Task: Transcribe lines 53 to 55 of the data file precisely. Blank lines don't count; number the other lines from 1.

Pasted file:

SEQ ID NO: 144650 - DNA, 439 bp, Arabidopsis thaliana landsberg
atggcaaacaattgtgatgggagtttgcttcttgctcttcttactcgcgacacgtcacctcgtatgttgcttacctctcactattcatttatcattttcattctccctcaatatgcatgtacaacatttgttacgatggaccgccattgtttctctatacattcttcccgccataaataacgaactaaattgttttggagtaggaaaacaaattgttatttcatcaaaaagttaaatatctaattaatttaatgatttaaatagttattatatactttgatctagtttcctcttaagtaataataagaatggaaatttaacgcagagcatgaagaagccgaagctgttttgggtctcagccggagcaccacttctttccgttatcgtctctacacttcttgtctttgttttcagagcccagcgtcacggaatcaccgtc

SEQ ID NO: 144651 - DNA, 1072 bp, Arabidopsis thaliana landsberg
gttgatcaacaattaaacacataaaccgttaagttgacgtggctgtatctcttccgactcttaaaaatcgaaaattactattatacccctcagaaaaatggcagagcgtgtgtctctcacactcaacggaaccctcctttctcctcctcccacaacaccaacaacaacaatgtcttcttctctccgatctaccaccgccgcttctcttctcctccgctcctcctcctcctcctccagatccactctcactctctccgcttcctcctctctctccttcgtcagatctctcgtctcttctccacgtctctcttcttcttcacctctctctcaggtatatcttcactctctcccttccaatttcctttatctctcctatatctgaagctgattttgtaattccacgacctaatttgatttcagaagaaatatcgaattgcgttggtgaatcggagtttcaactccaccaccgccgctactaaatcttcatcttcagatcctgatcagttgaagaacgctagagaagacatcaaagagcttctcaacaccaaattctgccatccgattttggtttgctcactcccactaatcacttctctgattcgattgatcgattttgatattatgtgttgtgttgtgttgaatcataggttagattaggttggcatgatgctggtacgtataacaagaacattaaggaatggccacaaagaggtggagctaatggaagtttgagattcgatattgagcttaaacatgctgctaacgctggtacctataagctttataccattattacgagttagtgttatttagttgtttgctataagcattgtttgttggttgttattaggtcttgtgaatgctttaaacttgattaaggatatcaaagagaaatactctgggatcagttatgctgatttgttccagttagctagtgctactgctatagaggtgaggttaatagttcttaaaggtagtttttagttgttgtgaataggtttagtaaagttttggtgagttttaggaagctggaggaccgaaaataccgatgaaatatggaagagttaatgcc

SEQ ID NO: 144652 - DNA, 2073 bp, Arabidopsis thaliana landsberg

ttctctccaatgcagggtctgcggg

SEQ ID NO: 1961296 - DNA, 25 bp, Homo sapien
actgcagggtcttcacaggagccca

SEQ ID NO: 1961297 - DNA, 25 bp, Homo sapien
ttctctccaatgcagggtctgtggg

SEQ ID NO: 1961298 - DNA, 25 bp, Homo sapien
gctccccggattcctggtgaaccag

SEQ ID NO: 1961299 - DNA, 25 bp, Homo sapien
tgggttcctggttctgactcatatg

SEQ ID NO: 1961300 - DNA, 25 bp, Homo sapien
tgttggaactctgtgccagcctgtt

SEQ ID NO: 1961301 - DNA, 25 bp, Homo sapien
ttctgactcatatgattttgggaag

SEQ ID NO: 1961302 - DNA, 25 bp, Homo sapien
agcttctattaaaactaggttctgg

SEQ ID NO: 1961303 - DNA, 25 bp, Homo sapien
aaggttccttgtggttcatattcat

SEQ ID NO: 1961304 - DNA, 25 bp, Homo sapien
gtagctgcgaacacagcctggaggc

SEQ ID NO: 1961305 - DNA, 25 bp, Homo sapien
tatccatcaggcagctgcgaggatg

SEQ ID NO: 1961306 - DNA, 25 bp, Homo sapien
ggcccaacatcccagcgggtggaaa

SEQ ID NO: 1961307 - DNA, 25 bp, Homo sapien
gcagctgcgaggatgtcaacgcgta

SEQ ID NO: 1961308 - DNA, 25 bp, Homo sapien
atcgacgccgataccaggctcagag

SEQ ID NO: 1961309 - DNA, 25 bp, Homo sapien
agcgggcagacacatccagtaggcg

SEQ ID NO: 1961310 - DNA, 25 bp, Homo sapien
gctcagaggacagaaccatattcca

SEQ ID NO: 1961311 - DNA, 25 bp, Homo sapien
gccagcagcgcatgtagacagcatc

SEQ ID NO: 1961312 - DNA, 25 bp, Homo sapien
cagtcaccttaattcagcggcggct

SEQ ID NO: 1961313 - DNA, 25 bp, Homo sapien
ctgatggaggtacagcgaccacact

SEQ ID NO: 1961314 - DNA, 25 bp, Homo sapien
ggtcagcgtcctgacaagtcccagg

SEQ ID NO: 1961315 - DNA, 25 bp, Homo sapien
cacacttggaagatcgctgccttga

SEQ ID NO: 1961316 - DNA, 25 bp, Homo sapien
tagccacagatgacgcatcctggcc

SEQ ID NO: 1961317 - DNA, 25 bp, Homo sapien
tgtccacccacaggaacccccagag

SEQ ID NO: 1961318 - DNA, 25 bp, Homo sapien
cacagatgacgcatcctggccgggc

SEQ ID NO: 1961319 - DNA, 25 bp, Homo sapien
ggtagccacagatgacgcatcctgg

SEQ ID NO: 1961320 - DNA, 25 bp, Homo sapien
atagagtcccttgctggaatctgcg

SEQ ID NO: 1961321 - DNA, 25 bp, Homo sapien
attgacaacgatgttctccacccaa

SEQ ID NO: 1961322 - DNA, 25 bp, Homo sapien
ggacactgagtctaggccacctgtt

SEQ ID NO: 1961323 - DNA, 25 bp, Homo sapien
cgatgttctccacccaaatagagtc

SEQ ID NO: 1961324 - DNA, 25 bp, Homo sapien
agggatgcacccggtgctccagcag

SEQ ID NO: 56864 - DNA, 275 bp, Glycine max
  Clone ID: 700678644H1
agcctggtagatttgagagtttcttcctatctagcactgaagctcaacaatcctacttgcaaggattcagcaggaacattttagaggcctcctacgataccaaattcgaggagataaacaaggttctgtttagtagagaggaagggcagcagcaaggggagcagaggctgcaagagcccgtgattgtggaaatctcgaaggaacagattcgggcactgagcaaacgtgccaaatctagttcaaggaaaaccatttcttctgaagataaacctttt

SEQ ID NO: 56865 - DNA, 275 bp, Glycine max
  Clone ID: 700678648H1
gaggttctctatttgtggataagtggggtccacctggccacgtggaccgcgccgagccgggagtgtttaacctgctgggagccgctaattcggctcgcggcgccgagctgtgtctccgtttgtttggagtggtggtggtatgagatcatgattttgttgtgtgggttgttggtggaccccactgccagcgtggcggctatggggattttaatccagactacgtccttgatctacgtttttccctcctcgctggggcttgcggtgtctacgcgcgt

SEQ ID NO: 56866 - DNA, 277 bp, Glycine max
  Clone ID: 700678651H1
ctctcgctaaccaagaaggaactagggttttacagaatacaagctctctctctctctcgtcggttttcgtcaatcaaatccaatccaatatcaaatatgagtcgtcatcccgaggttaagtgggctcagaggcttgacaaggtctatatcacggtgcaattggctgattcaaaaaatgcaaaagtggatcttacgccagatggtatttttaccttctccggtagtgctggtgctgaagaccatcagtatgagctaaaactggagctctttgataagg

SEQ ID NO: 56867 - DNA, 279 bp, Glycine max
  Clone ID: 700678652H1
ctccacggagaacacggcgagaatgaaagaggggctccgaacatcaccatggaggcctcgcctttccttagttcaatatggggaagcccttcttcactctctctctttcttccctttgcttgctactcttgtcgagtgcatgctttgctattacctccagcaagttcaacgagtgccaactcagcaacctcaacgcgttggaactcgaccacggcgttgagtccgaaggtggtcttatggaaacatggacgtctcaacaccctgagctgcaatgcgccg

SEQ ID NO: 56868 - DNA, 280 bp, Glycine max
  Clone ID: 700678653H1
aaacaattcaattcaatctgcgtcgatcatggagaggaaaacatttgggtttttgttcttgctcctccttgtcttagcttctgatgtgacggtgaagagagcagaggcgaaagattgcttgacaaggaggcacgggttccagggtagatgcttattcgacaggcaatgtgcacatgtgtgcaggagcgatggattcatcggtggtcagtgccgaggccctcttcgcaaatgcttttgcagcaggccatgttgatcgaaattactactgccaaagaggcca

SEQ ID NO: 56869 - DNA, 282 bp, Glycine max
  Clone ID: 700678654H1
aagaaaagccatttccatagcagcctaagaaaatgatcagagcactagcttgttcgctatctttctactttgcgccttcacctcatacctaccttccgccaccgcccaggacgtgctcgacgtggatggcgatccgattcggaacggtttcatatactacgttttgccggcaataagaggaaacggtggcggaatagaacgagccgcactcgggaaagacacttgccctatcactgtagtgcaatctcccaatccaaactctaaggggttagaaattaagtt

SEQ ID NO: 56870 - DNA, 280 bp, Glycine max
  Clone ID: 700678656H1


SEQ ID NO: 1961319 - DNA, 25 bp, Homo sapien
ggtagccacagatgacgcatcctgg

SEQ ID NO: 1961320 - DNA, 25 bp, Homo sapien